Tivo Killer?

Think Secret reports rumors about the “rebirth of the Mac Mini” as a home entertainment hub, featuring an Intel CPU and including “both Front Row 2.0 and TiVo-like DVR functionality.” True, there are already several Mac-based living room video recorder arrangements available… but not ones that come from Apple, who can now capitalize both on its iPod success and on the lower cost of x86 chips. Allegedly, its DVR functionality will be stellar: “Sources with knowledge of the project have dubbed the latter a “TiVo-killer.”

I’m still flummoxed by the relative lack of success of the Mac Mini as a general desktop computer. Amy’s has been flawless: Cheap, tiny, silent, attractive, and 100% stable. I’d be very inclined to use a home entertainment variant of it in place of the Tivo, especially if it offered a way around paying the monthly subscription, and let me burn DVDs.

Music: African Head Charge :: Primitive

6 Replies to “Tivo Killer?”

  1. I’m pretty convinced that whatever the first Intel based macintosh is, it won’t be a ‘replacement’ for any existing product line (iMac, iBook, Tower etc). Rather it’ll be some sort of ‘break out product’ like the iPod was, something quite different and new for Apple.

    It’s quite possible that a Tivo like living room device could be such a thing, however I don’t think that such a device would replace the mini, and I’m not sure about the timing (though I do expect some sort of ‘intel update’ at Macworld in January).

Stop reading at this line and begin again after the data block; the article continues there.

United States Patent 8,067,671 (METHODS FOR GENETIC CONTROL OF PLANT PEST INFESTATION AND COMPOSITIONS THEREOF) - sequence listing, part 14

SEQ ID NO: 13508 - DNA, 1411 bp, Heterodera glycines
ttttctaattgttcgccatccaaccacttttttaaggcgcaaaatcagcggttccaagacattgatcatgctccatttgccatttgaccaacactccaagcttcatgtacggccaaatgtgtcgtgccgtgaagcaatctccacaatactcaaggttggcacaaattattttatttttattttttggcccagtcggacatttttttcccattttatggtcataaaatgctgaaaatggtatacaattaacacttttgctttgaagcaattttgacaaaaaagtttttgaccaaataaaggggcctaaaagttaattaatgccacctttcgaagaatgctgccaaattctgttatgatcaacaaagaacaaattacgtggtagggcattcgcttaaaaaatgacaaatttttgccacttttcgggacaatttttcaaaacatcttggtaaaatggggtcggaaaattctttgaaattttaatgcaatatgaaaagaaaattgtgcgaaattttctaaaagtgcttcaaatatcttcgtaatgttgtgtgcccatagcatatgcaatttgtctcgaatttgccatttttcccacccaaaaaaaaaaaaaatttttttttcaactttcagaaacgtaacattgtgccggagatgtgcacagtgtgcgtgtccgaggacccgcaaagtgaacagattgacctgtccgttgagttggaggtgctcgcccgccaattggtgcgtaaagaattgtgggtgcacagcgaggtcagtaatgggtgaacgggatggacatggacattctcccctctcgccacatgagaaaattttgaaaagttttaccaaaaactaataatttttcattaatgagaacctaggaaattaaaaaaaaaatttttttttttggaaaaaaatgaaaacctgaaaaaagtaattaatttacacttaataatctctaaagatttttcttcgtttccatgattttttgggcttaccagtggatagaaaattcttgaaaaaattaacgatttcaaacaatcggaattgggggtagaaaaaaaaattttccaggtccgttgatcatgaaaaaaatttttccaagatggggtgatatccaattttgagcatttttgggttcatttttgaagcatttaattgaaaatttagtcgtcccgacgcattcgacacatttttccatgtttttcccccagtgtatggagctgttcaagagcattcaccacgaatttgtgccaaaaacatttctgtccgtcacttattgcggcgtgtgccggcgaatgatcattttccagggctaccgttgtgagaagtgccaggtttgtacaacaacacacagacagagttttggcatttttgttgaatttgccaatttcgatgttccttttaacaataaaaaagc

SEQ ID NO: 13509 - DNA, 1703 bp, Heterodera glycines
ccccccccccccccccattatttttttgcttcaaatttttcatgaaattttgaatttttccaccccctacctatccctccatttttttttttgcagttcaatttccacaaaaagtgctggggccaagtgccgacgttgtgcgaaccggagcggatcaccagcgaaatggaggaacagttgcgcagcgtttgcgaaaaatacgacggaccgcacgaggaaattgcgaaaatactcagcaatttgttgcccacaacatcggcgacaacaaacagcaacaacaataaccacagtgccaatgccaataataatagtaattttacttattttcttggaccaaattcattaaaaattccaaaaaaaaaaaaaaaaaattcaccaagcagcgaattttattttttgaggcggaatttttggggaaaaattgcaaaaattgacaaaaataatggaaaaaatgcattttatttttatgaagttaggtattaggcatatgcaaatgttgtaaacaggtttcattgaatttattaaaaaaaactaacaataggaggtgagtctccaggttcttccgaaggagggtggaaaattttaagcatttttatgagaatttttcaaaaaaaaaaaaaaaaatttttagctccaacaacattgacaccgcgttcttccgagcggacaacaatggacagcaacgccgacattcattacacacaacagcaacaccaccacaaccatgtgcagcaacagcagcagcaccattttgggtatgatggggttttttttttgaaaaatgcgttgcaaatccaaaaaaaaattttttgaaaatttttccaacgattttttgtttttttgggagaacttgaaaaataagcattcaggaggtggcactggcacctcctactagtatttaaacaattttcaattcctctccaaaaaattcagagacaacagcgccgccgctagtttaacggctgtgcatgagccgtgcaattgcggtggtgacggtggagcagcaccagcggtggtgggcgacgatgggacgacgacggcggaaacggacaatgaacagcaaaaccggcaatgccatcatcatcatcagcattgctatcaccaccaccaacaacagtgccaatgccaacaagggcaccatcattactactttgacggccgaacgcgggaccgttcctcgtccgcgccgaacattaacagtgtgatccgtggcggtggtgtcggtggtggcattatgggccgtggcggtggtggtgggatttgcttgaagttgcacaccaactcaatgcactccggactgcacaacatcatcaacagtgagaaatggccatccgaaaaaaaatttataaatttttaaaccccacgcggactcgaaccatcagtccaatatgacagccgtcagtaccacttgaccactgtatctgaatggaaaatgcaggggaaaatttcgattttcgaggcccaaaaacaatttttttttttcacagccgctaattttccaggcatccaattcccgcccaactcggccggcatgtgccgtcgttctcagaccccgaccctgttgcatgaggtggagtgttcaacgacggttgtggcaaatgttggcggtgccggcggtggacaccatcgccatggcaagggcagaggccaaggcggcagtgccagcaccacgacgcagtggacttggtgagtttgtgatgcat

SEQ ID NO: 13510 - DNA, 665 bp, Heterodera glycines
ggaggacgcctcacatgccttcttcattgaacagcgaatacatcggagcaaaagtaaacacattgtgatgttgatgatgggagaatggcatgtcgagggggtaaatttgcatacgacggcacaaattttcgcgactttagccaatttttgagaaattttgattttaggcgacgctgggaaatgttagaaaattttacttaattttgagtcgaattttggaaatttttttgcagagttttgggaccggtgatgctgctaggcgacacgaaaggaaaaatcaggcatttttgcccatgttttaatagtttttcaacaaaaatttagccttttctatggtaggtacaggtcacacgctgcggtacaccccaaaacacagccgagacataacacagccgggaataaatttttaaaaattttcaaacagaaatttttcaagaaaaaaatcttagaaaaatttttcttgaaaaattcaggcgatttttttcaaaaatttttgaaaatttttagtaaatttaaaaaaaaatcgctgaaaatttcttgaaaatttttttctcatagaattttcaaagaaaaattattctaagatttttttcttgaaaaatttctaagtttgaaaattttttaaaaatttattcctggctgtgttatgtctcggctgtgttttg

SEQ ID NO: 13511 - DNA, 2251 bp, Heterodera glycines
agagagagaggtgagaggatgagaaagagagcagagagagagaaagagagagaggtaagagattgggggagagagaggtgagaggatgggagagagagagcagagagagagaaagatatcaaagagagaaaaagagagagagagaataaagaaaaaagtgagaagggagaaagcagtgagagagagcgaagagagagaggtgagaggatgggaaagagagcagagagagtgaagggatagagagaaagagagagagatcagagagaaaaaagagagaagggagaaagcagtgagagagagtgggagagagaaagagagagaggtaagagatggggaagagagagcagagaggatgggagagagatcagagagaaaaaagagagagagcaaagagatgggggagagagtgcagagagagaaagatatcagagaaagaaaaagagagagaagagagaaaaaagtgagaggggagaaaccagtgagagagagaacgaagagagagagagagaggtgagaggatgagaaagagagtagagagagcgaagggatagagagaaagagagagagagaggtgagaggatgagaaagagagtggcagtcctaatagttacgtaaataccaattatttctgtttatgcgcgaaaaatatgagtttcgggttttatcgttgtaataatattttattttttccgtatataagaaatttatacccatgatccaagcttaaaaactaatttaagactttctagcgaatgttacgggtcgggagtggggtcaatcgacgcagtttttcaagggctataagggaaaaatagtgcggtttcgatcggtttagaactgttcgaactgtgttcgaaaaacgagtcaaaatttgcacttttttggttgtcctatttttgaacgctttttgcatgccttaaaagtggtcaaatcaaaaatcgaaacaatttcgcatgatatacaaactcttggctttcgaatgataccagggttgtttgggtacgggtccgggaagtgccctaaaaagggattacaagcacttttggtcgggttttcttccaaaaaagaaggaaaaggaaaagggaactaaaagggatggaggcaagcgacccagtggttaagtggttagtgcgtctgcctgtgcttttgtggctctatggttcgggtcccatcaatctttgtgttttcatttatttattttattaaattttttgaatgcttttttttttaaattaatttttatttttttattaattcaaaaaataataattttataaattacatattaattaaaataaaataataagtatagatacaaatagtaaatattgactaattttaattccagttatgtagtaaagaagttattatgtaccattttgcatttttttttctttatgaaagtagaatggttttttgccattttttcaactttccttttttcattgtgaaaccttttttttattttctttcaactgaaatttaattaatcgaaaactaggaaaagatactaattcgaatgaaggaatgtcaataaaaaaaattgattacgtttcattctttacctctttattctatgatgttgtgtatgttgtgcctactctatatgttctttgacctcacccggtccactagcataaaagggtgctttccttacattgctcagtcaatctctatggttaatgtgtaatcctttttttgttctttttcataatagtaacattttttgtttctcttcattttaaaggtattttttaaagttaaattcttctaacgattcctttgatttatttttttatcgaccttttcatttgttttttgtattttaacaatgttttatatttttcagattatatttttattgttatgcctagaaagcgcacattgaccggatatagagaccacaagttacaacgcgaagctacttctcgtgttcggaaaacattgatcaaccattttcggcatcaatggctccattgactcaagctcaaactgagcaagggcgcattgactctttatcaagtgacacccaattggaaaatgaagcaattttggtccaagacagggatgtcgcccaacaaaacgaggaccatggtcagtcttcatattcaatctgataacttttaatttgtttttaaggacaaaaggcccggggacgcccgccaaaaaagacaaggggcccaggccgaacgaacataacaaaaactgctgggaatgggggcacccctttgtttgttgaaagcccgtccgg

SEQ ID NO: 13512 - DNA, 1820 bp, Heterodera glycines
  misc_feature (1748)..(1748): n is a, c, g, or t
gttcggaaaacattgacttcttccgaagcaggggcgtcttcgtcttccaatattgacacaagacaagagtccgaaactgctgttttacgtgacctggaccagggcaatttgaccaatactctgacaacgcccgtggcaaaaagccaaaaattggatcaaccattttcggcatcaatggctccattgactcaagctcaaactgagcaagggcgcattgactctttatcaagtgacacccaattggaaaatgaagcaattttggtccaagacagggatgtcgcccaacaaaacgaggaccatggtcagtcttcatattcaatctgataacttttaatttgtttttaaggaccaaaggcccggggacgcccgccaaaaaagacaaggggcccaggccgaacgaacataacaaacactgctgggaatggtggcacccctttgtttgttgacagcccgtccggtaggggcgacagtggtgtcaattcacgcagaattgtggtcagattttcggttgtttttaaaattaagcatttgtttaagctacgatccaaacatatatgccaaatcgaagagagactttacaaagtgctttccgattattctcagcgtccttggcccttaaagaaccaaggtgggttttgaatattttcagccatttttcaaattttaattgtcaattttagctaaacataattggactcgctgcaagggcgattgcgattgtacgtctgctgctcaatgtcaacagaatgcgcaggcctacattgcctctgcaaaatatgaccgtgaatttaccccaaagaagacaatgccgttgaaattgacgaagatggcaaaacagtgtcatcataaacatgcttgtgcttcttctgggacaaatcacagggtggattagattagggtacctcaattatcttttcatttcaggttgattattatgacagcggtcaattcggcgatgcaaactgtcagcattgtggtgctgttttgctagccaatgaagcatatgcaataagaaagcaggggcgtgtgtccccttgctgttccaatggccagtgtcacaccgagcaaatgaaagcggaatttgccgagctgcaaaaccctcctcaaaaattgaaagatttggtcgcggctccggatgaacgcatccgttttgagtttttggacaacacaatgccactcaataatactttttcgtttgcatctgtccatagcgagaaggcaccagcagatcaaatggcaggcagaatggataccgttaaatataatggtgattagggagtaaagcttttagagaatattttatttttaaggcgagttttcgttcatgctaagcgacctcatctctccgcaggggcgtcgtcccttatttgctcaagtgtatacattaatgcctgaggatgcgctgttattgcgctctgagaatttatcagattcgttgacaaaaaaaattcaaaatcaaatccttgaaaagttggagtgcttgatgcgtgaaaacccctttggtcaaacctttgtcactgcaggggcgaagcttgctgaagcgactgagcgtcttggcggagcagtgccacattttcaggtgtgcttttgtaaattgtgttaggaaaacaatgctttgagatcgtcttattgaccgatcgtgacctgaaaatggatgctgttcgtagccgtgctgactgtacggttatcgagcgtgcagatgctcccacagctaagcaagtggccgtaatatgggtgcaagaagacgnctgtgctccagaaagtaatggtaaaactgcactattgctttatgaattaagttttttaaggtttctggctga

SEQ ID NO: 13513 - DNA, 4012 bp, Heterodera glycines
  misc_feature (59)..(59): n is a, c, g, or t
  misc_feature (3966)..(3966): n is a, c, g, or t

Should be fun to watch – and I won’t be replacing my Tivo Series 1 box until this rumors dead 8-)

  2. Rather than thinking of it as a replacement for the Mini, it could be marketed as something that serves equally well on the desktop as in the TV/stereo cabinet — a true multipurpose computer. Although a lot of people might be alienated by the idea of having a complete, rather than entertainment-tailored GUI in the TV hutch. Maybe it could have two “modes” — desktop mode or entertainment mode. Thinking out loud…

  3. Whatever it is, I suspect it’ll be good :) So either I get a new, inexpensive Intel-based mini, or I get a good deal on a closeout of the PowerPC ones…

    BTW, I had intended this to be a small, always-on server type device. Anyone hear reviews one way or the other about the current mini in that role ? Any heat issues, etc…?

  4. I can answer why more people don’t buy the mini. If you’re replacing a g3 iMac, for example (as my mother was over Thanksgiving) a mini doesn’t make any sense. By the time you add Appleworks and a decent monitor you’re most of the way to the cost of a G5 iMac. Which is what we got her. (it’s a sweet machine, but Apple pooched it completely by not putting a modem in it and not having them in stock when the machine shipped. Mom is now getting broadband.)

    -Jim

  5. Jim – $499 for a Mini, $299 for a 19″ LCD display (buy.com), $99 for AppleWorks = $900. But the iMac starts at $1299 for a 17″. So I’m not quite seeing how your math works out — you’re saving $400 and getting a larger screen by going Mini, no?

  6. And for my intended application, it’s cheaper still. $(whatever) for the Mini, hook it up through a KVM switch with my dual-boot WinXP/Ubuntu Linux box and share the 19″ LCD, K/B & mouse. At most, I’m out for a USB version of a KVM switch over the cost of the Mini itself.

    Already got a 200 GB Maxtor drive for $29 (after rebate) last Friday in an after Thanksgiving sale at Staples, which can go in a $30 external USB2.0 enclosure I already have, to get a decent amt of storage attached to it.

    Badda boom, badda bing – small, quiet file/utility server upon which I can also use that lovely Mac interface :) Anyone see problems with that approach ?

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